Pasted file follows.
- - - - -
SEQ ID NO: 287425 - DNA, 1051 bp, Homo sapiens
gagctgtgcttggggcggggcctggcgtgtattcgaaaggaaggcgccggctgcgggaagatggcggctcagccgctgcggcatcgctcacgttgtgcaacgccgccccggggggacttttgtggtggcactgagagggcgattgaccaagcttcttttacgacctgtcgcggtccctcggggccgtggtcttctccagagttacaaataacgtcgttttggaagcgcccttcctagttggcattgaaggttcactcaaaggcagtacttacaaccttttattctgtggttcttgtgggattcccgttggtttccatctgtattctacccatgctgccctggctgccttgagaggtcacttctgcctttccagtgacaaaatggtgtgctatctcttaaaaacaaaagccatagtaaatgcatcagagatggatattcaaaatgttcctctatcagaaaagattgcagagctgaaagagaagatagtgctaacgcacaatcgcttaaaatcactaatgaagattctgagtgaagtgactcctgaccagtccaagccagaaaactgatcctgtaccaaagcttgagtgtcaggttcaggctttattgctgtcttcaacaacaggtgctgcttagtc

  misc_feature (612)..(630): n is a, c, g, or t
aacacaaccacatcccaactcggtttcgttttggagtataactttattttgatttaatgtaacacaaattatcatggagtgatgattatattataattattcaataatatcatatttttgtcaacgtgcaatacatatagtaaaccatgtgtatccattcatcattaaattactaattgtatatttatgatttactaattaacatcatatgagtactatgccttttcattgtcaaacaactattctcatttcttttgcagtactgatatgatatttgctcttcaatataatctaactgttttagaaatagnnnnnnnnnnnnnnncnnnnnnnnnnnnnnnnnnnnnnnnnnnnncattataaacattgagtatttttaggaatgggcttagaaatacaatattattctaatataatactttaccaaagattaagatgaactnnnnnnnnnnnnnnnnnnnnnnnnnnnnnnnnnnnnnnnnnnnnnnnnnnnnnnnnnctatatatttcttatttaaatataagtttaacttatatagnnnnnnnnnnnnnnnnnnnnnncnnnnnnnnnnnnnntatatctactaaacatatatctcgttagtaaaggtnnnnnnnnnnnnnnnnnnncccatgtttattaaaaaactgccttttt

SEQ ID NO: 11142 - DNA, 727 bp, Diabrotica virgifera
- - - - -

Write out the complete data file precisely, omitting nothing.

SEQ ID NO: 287425 - DNA, 1051 bp, Homo sapiens
gagctgtgcttggggcggggcctggcgtgtattcgaaaggaaggcgccggctgcgggaagatggcggctcagccgctgcggcatcgctcacgttgtgcaacgccgccccggggggacttttgtggtggcactgagagggcgattgaccaagcttcttttacgacctgtcgcggtccctcggggccgtggtcttctccagagttacaaataacgtcgttttggaagcgcccttcctagttggcattgaaggttcactcaaaggcagtacttacaaccttttattctgtggttcttgtgggattcccgttggtttccatctgtattctacccatgctgccctggctgccttgagaggtcacttctgcctttccagtgacaaaatggtgtgctatctcttaaaaacaaaagccatagtaaatgcatcagagatggatattcaaaatgttcctctatcagaaaagattgcagagctgaaagagaagatagtgctaacgcacaatcgcttaaaatcactaatgaagattctgagtgaagtgactcctgaccagtccaagccagaaaactgatcctgtaccaaagcttgagtgtcaggttcaggctttattgctgtcttcaacaacaggtgctgcttagtc

  misc_feature (612)..(630): n is a, c, g, or t
aacacaaccacatcccaactcggtttcgttttggagtataactttattttgatttaatgtaacacaaattatcatggagtgatgattatattataattattcaataatatcatatttttgtcaacgtgcaatacatatagtaaaccatgtgtatccattcatcattaaattactaattgtatatttatgatttactaattaacatcatatgagtactatgccttttcattgtcaaacaactattctcatttcttttgcagtactgatatgatatttgctcttcaatataatctaactgttttagaaatagnnnnnnnnnnnnnnncnnnnnnnnnnnnnnnnnnnnnnnnnnnnncattataaacattgagtatttttaggaatgggcttagaaatacaatattattctaatataatactttaccaaagattaagatgaactnnnnnnnnnnnnnnnnnnnnnnnnnnnnnnnnnnnnnnnnnnnnnnnnnnnnnnnnnctatatatttcttatttaaatataagtttaacttatatagnnnnnnnnnnnnnnnnnnnnnncnnnnnnnnnnnnnntatatctactaaacatatatctcgttagtaaaggtnnnnnnnnnnnnnnnnnnncccatgtttattaaaaaactgccttttt

SEQ ID NO: 11142 - DNA, 727 bp, Diabrotica virgifera